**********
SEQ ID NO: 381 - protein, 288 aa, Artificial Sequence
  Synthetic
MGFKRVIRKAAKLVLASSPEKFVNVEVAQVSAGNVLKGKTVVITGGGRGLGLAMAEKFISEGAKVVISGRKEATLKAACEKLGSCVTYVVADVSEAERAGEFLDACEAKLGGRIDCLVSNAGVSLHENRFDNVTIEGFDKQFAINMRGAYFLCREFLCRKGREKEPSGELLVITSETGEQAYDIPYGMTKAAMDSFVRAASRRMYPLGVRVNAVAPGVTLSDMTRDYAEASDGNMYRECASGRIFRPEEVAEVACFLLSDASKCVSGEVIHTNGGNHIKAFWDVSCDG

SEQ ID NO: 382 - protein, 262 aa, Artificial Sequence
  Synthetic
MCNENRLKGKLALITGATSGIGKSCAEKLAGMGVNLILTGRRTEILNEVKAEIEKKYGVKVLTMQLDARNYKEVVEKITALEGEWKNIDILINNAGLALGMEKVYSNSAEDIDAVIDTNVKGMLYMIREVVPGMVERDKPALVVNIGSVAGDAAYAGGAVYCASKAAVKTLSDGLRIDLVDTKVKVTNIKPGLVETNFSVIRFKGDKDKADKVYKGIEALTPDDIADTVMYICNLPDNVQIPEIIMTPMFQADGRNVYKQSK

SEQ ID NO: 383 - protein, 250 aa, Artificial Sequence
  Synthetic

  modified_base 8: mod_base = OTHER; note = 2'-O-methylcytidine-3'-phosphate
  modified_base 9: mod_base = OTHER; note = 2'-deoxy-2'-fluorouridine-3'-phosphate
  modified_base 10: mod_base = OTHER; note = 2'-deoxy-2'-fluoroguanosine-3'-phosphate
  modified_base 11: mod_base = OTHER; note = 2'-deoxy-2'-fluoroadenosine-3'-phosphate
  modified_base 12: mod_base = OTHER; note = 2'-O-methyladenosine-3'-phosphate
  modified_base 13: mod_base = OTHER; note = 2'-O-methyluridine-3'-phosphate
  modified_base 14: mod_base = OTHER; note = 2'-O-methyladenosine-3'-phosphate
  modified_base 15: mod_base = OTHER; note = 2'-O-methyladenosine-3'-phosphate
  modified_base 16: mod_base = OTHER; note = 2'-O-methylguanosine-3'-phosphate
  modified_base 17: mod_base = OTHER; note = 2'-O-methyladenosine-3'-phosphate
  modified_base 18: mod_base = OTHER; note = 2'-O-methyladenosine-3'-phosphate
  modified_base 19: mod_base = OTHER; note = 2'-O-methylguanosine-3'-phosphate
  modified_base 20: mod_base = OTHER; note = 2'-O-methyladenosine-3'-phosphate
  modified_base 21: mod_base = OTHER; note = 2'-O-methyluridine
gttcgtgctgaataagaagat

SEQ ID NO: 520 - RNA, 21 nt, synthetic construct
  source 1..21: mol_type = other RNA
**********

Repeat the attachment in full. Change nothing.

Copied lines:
SEQ ID NO: 381 - protein, 288 aa, Artificial Sequence
  Synthetic
MGFKRVIRKAAKLVLASSPEKFVNVEVAQVSAGNVLKGKTVVITGGGRGLGLAMAEKFISEGAKVVISGRKEATLKAACEKLGSCVTYVVADVSEAERAGEFLDACEAKLGGRIDCLVSNAGVSLHENRFDNVTIEGFDKQFAINMRGAYFLCREFLCRKGREKEPSGELLVITSETGEQAYDIPYGMTKAAMDSFVRAASRRMYPLGVRVNAVAPGVTLSDMTRDYAEASDGNMYRECASGRIFRPEEVAEVACFLLSDASKCVSGEVIHTNGGNHIKAFWDVSCDG

SEQ ID NO: 382 - protein, 262 aa, Artificial Sequence
  Synthetic
MCNENRLKGKLALITGATSGIGKSCAEKLAGMGVNLILTGRRTEILNEVKAEIEKKYGVKVLTMQLDARNYKEVVEKITALEGEWKNIDILINNAGLALGMEKVYSNSAEDIDAVIDTNVKGMLYMIREVVPGMVERDKPALVVNIGSVAGDAAYAGGAVYCASKAAVKTLSDGLRIDLVDTKVKVTNIKPGLVETNFSVIRFKGDKDKADKVYKGIEALTPDDIADTVMYICNLPDNVQIPEIIMTPMFQADGRNVYKQSK

SEQ ID NO: 383 - protein, 250 aa, Artificial Sequence
  Synthetic

  modified_base 8: mod_base = OTHER; note = 2'-O-methylcytidine-3'-phosphate
  modified_base 9: mod_base = OTHER; note = 2'-deoxy-2'-fluorouridine-3'-phosphate
  modified_base 10: mod_base = OTHER; note = 2'-deoxy-2'-fluoroguanosine-3'-phosphate
  modified_base 11: mod_base = OTHER; note = 2'-deoxy-2'-fluoroadenosine-3'-phosphate
  modified_base 12: mod_base = OTHER; note = 2'-O-methyladenosine-3'-phosphate
  modified_base 13: mod_base = OTHER; note = 2'-O-methyluridine-3'-phosphate
  modified_base 14: mod_base = OTHER; note = 2'-O-methyladenosine-3'-phosphate
  modified_base 15: mod_base = OTHER; note = 2'-O-methyladenosine-3'-phosphate
  modified_base 16: mod_base = OTHER; note = 2'-O-methylguanosine-3'-phosphate
  modified_base 17: mod_base = OTHER; note = 2'-O-methyladenosine-3'-phosphate
  modified_base 18: mod_base = OTHER; note = 2'-O-methyladenosine-3'-phosphate
  modified_base 19: mod_base = OTHER; note = 2'-O-methylguanosine-3'-phosphate
  modified_base 20: mod_base = OTHER; note = 2'-O-methyladenosine-3'-phosphate
  modified_base 21: mod_base = OTHER; note = 2'-O-methyluridine
gttcgtgctgaataagaagat

SEQ ID NO: 520 - RNA, 21 nt, synthetic construct
  source 1..21: mol_type = other RNA